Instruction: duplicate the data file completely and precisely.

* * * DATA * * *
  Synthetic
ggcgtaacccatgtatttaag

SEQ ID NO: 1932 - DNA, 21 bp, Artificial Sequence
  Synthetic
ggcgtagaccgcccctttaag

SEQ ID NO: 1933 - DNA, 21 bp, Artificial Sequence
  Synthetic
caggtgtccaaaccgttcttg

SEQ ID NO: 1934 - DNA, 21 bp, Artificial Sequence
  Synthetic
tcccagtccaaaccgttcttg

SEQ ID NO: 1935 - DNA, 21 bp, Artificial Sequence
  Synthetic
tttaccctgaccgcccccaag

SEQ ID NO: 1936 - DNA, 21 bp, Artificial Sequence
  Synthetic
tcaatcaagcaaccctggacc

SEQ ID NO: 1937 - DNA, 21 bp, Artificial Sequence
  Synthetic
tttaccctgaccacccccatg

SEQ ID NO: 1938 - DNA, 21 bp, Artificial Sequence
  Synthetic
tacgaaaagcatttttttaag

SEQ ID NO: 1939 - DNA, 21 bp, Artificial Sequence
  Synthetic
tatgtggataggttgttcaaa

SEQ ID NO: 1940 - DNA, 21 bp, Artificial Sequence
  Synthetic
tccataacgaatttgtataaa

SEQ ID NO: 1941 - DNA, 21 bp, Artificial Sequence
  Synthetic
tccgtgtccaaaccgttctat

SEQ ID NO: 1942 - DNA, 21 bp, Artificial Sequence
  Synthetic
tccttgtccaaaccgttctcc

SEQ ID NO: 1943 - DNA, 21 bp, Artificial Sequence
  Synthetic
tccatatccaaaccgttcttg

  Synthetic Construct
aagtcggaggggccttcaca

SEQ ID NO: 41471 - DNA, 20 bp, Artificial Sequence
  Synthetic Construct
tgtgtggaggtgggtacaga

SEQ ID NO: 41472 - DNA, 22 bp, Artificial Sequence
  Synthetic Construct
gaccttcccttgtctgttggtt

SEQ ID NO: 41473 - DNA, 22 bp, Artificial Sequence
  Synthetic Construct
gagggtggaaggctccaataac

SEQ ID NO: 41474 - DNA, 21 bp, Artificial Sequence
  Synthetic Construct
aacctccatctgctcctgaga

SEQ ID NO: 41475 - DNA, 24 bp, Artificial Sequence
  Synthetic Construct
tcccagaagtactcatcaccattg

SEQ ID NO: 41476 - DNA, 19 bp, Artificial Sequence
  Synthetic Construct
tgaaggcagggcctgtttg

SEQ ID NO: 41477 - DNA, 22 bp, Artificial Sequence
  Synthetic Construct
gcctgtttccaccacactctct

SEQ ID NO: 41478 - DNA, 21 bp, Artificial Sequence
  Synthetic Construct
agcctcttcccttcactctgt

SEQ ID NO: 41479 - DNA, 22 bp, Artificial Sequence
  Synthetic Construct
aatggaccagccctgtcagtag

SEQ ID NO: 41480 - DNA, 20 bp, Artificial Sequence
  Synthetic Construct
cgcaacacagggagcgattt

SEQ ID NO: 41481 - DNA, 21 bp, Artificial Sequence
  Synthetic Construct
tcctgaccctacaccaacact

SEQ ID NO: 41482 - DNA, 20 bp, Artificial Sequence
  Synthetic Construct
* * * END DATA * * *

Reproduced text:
  Synthetic
ggcgtaacccatgtatttaag

SEQ ID NO: 1932 - DNA, 21 bp, Artificial Sequence
  Synthetic
ggcgtagaccgcccctttaag

SEQ ID NO: 1933 - DNA, 21 bp, Artificial Sequence
  Synthetic
caggtgtccaaaccgttcttg

SEQ ID NO: 1934 - DNA, 21 bp, Artificial Sequence
  Synthetic
tcccagtccaaaccgttcttg

SEQ ID NO: 1935 - DNA, 21 bp, Artificial Sequence
  Synthetic
tttaccctgaccgcccccaag

SEQ ID NO: 1936 - DNA, 21 bp, Artificial Sequence
  Synthetic
tcaatcaagcaaccctggacc

SEQ ID NO: 1937 - DNA, 21 bp, Artificial Sequence
  Synthetic
tttaccctgaccacccccatg

SEQ ID NO: 1938 - DNA, 21 bp, Artificial Sequence
  Synthetic
tacgaaaagcatttttttaag

SEQ ID NO: 1939 - DNA, 21 bp, Artificial Sequence
  Synthetic
tatgtggataggttgttcaaa

SEQ ID NO: 1940 - DNA, 21 bp, Artificial Sequence
  Synthetic
tccataacgaatttgtataaa

SEQ ID NO: 1941 - DNA, 21 bp, Artificial Sequence
  Synthetic
tccgtgtccaaaccgttctat

SEQ ID NO: 1942 - DNA, 21 bp, Artificial Sequence
  Synthetic
tccttgtccaaaccgttctcc

SEQ ID NO: 1943 - DNA, 21 bp, Artificial Sequence
  Synthetic
tccatatccaaaccgttcttg

  Synthetic Construct
aagtcggaggggccttcaca

SEQ ID NO: 41471 - DNA, 20 bp, Artificial Sequence
  Synthetic Construct
tgtgtggaggtgggtacaga

SEQ ID NO: 41472 - DNA, 22 bp, Artificial Sequence
  Synthetic Construct
gaccttcccttgtctgttggtt

SEQ ID NO: 41473 - DNA, 22 bp, Artificial Sequence
  Synthetic Construct
gagggtggaaggctccaataac

SEQ ID NO: 41474 - DNA, 21 bp, Artificial Sequence
  Synthetic Construct
aacctccatctgctcctgaga

SEQ ID NO: 41475 - DNA, 24 bp, Artificial Sequence
  Synthetic Construct
tcccagaagtactcatcaccattg

SEQ ID NO: 41476 - DNA, 19 bp, Artificial Sequence
  Synthetic Construct
tgaaggcagggcctgtttg

SEQ ID NO: 41477 - DNA, 22 bp, Artificial Sequence
  Synthetic Construct
gcctgtttccaccacactctct

SEQ ID NO: 41478 - DNA, 21 bp, Artificial Sequence
  Synthetic Construct
agcctcttcccttcactctgt

SEQ ID NO: 41479 - DNA, 22 bp, Artificial Sequence
  Synthetic Construct
aatggaccagccctgtcagtag

SEQ ID NO: 41480 - DNA, 20 bp, Artificial Sequence
  Synthetic Construct
cgcaacacagggagcgattt

SEQ ID NO: 41481 - DNA, 21 bp, Artificial Sequence
  Synthetic Construct
tcctgaccctacaccaacact

SEQ ID NO: 41482 - DNA, 20 bp, Artificial Sequence
  Synthetic Construct